- By the 2000s, telepsychiatry was considered just as valid as in-person care (Von Hafften, n.d.).
We’ve known about the benefits of telepsychiatry for a while, but with the explosion in digital technology, we now see its real potential.
Relevant reading: What is Telepsychology and What Software to Use
2 Resources on Best Practices in Telemental Health
If you’re a psychiatrist, therapist, psychologist, or any other professional who provides mental health services to your clients, you may be interested in moving towards a telemental health model—or at least dabbling in it.
If so, you will find the APA’s telepsychiatry toolkit to be invaluable. Although it’s geared towards psychiatrists, you can still find useful information as a provider of any mental health care or treatment.
For example, they outline several clinical considerations, and you should be attentive to when moving a patient to a fully telemental health model or a hybrid model:
- Consider the patient’s cognitive capacity, cooperativeness with treatment professionals, current and past difficulties with substance abuse, and history of violence or self-injurious behavior.
- Consider the geographic distance to the nearest emergency medical facility, the efficacy of the patient’s support system, and their current medical status.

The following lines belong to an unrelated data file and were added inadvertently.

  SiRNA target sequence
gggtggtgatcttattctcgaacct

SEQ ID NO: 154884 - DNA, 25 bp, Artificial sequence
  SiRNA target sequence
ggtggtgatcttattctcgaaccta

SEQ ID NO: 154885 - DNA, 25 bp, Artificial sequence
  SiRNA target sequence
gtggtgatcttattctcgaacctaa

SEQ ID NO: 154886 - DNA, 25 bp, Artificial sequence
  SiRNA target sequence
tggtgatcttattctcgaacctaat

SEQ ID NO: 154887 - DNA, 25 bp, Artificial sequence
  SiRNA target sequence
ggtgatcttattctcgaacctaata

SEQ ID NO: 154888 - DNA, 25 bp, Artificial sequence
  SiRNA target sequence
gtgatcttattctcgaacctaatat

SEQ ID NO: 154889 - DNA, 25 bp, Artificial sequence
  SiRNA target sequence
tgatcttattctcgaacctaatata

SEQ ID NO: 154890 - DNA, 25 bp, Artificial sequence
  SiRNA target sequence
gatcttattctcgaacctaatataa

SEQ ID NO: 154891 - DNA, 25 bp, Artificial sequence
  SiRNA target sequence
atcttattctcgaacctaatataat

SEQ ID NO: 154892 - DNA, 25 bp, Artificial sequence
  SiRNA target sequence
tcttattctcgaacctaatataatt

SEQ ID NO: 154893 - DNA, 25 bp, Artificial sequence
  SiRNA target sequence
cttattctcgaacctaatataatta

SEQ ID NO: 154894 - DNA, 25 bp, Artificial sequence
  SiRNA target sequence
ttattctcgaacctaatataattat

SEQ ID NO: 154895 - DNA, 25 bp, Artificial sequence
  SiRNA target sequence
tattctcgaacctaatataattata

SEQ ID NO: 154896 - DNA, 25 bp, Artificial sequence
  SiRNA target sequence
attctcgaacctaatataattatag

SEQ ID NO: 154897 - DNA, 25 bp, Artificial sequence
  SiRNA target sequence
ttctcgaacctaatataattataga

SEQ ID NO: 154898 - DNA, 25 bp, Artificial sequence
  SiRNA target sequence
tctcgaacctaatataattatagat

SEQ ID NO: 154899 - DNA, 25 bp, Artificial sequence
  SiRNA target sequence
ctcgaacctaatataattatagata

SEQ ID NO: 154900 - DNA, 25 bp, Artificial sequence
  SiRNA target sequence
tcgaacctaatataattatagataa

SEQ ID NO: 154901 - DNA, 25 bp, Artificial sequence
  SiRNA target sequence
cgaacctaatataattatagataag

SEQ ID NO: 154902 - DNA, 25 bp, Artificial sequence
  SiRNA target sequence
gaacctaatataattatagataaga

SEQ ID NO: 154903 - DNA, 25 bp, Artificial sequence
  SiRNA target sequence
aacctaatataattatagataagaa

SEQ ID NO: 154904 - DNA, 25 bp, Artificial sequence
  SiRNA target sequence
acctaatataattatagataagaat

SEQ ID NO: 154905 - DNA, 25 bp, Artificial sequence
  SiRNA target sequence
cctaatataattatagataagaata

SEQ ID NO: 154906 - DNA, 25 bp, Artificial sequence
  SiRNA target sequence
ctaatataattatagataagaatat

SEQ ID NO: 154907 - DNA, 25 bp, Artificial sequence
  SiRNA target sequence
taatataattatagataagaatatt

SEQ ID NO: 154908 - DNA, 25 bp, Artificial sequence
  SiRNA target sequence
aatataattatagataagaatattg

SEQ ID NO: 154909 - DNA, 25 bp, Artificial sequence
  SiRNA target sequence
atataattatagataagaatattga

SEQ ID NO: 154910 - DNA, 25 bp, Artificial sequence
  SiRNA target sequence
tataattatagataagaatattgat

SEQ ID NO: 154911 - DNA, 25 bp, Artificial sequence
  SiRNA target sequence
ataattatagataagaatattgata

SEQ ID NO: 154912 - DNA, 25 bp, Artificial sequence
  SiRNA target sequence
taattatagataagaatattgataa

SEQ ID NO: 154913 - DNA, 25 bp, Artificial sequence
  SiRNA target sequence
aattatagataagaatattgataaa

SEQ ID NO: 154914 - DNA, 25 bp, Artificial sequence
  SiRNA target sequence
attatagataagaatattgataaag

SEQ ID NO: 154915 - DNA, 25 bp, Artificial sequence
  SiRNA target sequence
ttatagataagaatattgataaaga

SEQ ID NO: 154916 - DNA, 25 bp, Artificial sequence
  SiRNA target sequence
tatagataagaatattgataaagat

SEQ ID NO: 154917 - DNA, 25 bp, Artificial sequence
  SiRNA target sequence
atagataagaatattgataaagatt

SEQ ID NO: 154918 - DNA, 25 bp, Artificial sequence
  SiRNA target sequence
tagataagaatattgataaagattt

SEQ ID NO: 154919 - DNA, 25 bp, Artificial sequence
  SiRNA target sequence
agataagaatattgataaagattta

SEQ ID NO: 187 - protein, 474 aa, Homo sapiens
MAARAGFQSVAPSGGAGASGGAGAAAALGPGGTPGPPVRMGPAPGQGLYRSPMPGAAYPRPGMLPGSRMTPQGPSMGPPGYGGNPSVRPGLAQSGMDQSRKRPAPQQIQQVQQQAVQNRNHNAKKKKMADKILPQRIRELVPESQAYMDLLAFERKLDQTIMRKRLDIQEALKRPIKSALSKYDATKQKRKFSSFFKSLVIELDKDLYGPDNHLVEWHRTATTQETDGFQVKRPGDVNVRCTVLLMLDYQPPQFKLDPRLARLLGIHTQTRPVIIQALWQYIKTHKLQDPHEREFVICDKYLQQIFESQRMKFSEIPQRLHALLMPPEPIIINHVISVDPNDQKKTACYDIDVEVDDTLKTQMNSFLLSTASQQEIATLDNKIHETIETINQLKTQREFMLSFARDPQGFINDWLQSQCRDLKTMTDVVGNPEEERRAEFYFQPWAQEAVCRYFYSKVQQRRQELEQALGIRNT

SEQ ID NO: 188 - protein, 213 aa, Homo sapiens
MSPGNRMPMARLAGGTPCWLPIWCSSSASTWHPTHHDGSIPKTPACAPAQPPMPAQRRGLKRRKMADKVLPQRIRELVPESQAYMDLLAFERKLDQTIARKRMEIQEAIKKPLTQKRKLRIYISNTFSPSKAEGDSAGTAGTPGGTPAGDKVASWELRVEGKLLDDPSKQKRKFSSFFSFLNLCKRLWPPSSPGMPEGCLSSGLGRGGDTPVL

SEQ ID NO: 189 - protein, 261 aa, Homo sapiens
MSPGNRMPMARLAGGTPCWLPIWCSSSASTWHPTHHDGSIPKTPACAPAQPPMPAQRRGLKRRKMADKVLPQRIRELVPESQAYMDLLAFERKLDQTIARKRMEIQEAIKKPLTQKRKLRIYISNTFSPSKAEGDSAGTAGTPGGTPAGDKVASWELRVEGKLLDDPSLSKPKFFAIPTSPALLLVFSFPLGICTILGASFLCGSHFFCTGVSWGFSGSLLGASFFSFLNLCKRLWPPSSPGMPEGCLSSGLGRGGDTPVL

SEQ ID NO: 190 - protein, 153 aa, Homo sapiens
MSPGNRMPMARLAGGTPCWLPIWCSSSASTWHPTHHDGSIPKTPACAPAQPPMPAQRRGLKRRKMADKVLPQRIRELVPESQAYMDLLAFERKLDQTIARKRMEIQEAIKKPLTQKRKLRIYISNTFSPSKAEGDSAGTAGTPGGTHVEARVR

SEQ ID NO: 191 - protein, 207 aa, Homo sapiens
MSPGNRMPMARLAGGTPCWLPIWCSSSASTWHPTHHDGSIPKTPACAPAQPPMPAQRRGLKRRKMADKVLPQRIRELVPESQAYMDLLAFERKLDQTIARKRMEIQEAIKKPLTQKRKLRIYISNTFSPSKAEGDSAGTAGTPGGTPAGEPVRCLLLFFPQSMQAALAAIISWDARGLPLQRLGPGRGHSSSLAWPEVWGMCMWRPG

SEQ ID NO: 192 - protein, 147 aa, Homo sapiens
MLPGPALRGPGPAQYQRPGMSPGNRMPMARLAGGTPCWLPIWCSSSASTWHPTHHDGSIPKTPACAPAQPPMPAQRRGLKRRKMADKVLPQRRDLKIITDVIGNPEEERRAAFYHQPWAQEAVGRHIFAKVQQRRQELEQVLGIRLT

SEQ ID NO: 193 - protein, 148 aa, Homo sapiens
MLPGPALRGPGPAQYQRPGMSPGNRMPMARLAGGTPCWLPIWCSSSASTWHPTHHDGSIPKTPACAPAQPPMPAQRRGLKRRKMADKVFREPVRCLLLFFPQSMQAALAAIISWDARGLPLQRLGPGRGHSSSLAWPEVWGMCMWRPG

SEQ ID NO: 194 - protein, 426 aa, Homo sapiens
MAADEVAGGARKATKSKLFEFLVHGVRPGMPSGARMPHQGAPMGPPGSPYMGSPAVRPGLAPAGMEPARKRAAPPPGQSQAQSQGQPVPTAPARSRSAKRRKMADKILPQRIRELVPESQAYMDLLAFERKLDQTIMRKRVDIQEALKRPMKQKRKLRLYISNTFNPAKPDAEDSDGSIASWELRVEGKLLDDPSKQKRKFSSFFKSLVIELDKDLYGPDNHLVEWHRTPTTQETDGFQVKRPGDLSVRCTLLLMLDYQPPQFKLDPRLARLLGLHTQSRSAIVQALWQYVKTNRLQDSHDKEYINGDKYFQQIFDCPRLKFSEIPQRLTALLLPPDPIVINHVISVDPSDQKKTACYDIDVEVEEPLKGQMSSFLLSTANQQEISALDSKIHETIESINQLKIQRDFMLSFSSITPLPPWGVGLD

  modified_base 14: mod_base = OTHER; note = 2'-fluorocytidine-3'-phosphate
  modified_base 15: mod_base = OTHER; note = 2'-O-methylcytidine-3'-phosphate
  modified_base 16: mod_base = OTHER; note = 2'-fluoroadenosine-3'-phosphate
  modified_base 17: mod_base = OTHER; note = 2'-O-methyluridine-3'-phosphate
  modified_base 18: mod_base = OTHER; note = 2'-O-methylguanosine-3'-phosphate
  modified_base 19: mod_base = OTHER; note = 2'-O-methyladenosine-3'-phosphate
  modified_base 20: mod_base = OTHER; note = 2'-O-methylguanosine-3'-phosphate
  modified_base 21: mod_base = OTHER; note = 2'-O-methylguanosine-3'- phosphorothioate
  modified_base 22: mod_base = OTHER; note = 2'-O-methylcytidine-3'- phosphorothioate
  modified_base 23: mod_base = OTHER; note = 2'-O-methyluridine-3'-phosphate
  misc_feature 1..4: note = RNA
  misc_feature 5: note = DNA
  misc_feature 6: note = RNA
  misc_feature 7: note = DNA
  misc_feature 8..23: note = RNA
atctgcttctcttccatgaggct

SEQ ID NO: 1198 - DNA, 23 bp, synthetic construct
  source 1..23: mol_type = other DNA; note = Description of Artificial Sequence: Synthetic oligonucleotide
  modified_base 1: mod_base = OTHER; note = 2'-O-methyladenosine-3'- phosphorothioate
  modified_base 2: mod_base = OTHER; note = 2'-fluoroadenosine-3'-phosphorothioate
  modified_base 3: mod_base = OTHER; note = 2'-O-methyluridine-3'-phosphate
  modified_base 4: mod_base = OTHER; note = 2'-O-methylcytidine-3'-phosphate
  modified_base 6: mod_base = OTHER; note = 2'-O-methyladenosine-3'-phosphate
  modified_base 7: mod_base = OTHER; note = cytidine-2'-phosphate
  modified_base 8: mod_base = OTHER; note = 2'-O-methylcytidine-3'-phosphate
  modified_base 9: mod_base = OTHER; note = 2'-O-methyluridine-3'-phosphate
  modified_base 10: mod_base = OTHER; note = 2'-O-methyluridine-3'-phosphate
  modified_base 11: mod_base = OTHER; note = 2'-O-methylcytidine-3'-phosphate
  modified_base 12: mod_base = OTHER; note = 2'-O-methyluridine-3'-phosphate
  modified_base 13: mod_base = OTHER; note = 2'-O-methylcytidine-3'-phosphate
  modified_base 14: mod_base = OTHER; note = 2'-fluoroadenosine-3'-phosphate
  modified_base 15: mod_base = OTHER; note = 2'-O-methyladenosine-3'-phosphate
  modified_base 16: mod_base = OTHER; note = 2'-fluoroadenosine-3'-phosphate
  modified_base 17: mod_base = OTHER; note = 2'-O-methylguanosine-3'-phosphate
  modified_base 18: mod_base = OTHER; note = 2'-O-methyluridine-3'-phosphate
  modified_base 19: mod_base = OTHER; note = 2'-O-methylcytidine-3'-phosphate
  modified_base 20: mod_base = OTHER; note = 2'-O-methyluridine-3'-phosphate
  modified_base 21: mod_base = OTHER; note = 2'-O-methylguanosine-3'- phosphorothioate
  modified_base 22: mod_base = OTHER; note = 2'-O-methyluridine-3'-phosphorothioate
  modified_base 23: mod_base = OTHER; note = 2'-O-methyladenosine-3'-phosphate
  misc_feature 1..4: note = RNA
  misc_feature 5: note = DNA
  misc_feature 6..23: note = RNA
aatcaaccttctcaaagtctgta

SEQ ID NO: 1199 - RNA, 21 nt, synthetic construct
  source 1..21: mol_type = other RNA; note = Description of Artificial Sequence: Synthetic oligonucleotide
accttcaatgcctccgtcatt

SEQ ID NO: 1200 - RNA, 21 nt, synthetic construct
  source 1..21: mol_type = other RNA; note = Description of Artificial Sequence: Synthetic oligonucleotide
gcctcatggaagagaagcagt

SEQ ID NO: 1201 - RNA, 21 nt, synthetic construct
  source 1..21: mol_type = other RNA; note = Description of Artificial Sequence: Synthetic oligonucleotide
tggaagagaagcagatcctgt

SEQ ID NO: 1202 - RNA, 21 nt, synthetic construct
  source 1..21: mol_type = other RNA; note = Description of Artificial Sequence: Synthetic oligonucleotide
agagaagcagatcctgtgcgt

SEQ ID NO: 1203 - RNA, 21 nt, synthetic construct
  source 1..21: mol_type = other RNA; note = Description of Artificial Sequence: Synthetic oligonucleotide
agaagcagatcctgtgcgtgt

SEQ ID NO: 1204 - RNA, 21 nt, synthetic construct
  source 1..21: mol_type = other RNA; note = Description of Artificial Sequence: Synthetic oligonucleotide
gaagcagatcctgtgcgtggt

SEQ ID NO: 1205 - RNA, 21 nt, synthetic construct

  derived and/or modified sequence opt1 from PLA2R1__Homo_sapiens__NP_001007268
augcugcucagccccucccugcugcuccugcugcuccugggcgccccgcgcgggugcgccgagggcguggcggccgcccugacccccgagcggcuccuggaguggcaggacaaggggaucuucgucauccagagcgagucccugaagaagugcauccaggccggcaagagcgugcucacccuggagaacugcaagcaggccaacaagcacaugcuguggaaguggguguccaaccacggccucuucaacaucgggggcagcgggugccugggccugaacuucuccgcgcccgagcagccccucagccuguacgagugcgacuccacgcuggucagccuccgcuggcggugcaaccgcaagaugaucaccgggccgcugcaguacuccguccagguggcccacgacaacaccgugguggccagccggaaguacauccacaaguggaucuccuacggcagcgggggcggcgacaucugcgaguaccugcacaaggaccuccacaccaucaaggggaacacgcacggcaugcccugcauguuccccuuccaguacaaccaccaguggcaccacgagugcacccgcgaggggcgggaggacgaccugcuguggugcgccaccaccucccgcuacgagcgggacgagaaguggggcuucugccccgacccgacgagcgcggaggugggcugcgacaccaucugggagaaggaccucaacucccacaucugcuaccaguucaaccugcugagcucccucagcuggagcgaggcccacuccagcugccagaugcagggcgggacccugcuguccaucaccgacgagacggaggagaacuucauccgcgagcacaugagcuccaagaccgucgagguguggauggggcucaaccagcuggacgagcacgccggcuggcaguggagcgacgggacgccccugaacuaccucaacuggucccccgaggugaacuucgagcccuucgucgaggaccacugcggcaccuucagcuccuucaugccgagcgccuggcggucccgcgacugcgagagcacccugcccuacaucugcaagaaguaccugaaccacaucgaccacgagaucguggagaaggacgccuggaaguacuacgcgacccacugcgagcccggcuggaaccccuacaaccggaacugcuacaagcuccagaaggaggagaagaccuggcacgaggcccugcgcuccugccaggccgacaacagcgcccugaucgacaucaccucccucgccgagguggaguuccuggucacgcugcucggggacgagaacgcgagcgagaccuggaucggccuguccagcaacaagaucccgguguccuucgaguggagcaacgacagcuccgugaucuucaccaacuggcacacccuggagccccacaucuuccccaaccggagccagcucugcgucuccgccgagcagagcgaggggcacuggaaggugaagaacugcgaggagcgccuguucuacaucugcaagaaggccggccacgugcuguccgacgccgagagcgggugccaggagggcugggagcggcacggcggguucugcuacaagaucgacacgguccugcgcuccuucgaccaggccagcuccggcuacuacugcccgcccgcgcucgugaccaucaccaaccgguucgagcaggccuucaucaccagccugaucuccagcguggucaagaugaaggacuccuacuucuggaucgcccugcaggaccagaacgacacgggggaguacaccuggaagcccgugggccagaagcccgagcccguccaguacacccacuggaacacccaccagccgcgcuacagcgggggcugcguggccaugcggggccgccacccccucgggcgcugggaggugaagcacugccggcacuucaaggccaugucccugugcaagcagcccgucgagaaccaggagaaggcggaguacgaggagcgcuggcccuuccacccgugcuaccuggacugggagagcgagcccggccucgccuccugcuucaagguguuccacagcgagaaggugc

- Keep in mind that the patient’s consent must include discussions of circumstances around session management and that services may be discontinued if the patient can no longer be managed through distance technology.
- Consider whether any medical aspects of care would require an in-person examination.
It also reviews the efficacy and unique factors that apply when practicing telemental health with specific populations and settings, including:
- Children and adolescents
- Forensic and correctional populations (e.g., patients in prison or jail)
- Geriatric population
- Military, veteran, and other federal populations
- Substance use disorder treatment
- Inpatient and residential settings
- Primary care settings
- Rural communities
You can also see what else the guide has to offer.
Further, check out the telepsychiatry toolkit, also from the APA. It is broken into five sections with several subsections each:
- History and Background
- History of Telepsychiatry
- Advocacy Issues
- Clinical Outcomes
- Evidence Base
- Feasibility and Effectiveness
- Return on Investment
- Adapting Your Practice; Learning to Do Telemental Health
- Credentialing Process
- Media Communications Skills
- Style Adaptation
- Working with Residents
- Legal and Reimbursement Issues
- Malpractice Issues
- Medicaid Reimbursement
- Private Insurance Reimbursement
- Ryan Haight Act
- State Licensure
- Technical Considerations
- Platform & Software Requirements
- Security Issues
- Telepsychiatry & Integration with Other Technologies
- Practice and Clinical Issues
- Child and Adolescent Telepsychiatry
- Clinical Documentation
- Clinical and Therapeutic Modalities
- Geriatric Telepsychiatry
- Individual Models of Care
- Inpatient Telepsychiatry
- Patient Safety and Emergency Management
- Rural and Remote Practice Settings
- Standard of Care and State-Based Regulations
- Telepsychiatry Practice Guidelines
- Team-Based Integrated Care
- Team-Based Models of Care